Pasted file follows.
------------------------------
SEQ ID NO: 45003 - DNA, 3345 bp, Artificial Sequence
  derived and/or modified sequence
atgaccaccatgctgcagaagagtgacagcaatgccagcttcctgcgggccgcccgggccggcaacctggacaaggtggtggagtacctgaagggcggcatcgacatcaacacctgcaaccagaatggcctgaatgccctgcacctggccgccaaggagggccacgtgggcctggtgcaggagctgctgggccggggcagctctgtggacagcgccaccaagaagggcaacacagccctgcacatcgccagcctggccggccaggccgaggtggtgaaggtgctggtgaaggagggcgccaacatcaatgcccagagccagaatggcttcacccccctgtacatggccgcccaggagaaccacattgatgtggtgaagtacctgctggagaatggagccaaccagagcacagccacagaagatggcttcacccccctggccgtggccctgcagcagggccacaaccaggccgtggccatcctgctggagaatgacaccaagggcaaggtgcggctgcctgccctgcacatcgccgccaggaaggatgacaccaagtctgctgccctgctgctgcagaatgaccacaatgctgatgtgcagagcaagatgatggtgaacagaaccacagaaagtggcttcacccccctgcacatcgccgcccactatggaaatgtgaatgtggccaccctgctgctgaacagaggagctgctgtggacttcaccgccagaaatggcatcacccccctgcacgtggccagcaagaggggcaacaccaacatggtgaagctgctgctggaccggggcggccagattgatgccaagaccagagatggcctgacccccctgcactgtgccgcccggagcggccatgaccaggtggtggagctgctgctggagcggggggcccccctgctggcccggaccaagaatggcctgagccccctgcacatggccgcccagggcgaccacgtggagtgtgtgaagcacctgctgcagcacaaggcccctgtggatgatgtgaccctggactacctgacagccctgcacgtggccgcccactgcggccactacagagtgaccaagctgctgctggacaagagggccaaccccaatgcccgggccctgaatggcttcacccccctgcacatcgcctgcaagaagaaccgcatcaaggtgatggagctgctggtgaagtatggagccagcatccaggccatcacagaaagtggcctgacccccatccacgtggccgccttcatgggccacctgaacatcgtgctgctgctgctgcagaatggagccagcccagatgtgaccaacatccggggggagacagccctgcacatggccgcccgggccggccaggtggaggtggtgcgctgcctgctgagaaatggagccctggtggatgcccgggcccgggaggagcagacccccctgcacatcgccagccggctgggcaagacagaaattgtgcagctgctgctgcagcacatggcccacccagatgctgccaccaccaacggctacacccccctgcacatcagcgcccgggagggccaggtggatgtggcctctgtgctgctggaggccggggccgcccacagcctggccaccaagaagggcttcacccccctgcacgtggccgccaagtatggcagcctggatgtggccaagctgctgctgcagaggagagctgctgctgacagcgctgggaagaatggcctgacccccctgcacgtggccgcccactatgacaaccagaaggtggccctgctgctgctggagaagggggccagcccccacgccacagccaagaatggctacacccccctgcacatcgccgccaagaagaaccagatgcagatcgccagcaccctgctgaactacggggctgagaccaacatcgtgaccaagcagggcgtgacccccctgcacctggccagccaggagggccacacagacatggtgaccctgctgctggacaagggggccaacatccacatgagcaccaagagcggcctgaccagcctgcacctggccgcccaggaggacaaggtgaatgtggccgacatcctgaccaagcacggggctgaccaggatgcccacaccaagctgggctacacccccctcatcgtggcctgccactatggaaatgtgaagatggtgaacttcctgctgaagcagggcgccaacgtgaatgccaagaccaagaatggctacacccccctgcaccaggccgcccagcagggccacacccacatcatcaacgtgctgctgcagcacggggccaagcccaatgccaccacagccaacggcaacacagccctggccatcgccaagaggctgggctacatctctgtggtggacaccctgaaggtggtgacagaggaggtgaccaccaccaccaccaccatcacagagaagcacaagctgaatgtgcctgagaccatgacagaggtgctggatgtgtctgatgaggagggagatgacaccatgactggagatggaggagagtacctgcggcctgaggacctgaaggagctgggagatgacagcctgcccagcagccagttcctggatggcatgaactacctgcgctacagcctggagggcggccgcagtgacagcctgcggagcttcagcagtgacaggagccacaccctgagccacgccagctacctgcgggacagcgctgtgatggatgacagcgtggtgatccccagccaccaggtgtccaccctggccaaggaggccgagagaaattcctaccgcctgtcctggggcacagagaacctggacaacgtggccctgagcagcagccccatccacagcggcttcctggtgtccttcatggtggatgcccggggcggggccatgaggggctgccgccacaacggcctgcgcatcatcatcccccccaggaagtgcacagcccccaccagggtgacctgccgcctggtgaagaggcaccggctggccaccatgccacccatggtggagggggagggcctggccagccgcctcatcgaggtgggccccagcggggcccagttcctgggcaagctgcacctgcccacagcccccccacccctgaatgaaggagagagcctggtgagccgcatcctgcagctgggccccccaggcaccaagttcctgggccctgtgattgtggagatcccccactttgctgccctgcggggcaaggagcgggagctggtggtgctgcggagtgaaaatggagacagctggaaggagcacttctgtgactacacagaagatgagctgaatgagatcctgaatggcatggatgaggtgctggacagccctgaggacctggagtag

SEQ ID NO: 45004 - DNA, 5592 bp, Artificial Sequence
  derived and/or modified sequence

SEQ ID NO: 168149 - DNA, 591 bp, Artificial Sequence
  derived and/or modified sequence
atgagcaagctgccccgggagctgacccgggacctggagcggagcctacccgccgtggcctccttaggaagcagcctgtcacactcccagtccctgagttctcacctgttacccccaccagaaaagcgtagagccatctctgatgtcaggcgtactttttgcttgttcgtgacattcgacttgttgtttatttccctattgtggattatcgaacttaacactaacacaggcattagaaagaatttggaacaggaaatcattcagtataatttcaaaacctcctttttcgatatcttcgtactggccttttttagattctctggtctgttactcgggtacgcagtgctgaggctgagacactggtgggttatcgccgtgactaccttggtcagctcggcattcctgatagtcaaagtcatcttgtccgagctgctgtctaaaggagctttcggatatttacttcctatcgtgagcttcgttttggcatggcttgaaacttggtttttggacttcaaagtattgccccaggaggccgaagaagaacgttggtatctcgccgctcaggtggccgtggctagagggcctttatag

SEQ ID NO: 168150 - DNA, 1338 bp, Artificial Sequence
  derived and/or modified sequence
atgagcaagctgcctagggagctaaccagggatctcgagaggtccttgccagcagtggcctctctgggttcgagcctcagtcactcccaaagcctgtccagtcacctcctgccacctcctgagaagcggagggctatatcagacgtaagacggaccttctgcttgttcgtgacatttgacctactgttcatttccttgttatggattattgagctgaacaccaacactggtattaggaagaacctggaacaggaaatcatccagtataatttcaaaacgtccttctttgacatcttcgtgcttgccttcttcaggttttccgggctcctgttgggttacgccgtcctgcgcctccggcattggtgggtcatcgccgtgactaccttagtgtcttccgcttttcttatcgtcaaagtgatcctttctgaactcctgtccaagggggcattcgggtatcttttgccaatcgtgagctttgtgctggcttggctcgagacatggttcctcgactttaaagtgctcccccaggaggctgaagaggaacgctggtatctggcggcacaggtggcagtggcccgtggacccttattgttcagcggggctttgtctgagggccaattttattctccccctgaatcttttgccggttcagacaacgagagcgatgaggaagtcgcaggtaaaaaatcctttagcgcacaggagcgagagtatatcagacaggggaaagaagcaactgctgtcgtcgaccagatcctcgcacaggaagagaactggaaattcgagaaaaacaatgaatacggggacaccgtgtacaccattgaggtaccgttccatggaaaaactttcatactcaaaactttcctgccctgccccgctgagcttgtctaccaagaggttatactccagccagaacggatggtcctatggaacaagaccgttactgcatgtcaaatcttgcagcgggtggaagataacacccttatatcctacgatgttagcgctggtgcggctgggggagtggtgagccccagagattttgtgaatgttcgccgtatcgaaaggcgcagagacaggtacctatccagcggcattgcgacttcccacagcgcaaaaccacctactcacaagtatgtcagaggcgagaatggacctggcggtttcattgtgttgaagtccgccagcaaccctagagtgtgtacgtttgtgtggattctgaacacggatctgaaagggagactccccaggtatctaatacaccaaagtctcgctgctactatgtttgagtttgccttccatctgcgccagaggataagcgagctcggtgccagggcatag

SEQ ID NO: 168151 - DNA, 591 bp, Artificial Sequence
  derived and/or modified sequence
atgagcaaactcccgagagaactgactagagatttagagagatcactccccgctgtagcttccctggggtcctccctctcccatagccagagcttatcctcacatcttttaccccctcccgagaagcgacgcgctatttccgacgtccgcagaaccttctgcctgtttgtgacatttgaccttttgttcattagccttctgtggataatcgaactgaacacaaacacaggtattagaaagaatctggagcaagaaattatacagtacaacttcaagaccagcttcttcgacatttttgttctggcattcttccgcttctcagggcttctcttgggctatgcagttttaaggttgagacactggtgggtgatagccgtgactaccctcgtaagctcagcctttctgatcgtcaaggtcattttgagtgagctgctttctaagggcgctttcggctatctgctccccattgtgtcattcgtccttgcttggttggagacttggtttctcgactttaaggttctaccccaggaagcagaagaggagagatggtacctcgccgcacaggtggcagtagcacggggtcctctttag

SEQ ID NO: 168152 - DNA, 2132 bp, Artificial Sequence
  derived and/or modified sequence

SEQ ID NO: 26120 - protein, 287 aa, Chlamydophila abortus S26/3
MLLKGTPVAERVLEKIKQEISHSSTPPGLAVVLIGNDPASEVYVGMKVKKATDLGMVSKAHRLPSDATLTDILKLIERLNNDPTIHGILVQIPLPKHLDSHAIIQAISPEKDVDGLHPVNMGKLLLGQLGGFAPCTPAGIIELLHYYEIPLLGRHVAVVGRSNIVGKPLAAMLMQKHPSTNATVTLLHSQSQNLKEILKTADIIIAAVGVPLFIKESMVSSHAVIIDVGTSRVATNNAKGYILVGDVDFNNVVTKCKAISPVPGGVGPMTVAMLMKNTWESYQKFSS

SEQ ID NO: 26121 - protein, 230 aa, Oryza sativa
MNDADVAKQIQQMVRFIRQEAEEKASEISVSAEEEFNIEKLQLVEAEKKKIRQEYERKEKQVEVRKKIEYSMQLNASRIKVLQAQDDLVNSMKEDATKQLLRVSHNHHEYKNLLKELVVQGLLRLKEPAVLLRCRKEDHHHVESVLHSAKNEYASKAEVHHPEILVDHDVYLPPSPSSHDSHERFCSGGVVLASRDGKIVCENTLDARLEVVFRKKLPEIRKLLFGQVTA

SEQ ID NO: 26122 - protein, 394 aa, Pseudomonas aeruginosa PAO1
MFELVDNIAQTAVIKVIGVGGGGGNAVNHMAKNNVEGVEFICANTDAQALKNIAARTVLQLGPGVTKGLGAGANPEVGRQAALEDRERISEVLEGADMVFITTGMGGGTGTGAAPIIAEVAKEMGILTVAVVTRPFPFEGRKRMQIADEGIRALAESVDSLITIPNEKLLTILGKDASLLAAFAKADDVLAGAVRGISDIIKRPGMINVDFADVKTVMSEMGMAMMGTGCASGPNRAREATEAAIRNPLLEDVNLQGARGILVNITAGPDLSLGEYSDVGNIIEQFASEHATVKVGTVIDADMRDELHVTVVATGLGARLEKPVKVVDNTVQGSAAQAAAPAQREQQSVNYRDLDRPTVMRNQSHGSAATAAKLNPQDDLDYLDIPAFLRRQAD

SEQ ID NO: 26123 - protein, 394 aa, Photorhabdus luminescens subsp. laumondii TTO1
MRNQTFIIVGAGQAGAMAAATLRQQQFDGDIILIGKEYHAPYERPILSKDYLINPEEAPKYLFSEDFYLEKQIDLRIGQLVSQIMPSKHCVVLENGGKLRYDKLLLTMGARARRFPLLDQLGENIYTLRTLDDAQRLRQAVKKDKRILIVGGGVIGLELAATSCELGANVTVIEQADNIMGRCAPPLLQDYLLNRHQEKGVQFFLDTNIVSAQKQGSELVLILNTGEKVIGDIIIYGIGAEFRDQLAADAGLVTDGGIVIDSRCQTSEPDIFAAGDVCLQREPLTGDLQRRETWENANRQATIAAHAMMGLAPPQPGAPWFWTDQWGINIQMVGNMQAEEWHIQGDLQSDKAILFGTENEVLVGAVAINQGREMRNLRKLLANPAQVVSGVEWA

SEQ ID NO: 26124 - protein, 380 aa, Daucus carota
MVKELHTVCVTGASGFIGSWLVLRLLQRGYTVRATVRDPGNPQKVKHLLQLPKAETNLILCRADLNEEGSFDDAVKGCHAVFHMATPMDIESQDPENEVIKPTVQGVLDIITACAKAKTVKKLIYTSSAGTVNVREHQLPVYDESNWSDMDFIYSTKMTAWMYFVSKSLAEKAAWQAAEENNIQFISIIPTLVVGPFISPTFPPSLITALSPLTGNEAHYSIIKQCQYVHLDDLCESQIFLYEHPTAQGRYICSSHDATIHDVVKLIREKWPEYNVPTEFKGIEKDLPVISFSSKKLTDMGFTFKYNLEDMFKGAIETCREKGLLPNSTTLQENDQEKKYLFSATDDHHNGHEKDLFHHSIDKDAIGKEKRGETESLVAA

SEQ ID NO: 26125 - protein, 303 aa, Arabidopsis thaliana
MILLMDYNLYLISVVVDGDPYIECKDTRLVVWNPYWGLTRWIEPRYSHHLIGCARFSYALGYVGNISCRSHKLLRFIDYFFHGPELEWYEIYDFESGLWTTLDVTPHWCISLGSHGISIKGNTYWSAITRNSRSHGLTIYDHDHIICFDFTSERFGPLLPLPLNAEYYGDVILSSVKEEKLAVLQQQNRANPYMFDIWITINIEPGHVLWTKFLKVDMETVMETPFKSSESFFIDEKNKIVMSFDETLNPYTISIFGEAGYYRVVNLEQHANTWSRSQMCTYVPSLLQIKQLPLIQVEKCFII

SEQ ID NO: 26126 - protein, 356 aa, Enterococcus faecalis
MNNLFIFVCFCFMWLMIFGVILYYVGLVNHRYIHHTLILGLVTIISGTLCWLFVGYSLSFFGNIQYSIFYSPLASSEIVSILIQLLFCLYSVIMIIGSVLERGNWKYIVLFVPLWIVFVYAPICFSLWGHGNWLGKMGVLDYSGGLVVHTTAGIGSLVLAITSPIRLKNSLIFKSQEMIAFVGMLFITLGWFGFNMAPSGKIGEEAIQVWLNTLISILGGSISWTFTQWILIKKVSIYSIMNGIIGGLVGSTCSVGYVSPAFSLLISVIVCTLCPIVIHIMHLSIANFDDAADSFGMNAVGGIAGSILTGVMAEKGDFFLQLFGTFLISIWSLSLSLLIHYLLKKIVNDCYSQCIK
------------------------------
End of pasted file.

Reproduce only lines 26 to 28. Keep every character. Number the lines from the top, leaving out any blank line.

MVKELHTVCVTGASGFIGSWLVLRLLQRGYTVRATVRDPGNPQKVKHLLQLPKAETNLILCRADLNEEGSFDDAVKGCHAVFHMATPMDIESQDPENEVIKPTVQGVLDIITACAKAKTVKKLIYTSSAGTVNVREHQLPVYDESNWSDMDFIYSTKMTAWMYFVSKSLAEKAAWQAAEENNIQFISIIPTLVVGPFISPTFPPSLITALSPLTGNEAHYSIIKQCQYVHLDDLCESQIFLYEHPTAQGRYICSSHDATIHDVVKLIREKWPEYNVPTEFKGIEKDLPVISFSSKKLTDMGFTFKYNLEDMFKGAIETCREKGLLPNSTTLQENDQEKKYLFSATDDHHNGHEKDLFHHSIDKDAIGKEKRGETESLVAA

SEQ ID NO: 26125 - protein, 303 aa, Arabidopsis thaliana
MILLMDYNLYLISVVVDGDPYIECKDTRLVVWNPYWGLTRWIEPRYSHHLIGCARFSYALGYVGNISCRSHKLLRFIDYFFHGPELEWYEIYDFESGLWTTLDVTPHWCISLGSHGISIKGNTYWSAITRNSRSHGLTIYDHDHIICFDFTSERFGPLLPLPLNAEYYGDVILSSVKEEKLAVLQQQNRANPYMFDIWITINIEPGHVLWTKFLKVDMETVMETPFKSSESFFIDEKNKIVMSFDETLNPYTISIFGEAGYYRVVNLEQHANTWSRSQMCTYVPSLLQIKQLPLIQVEKCFII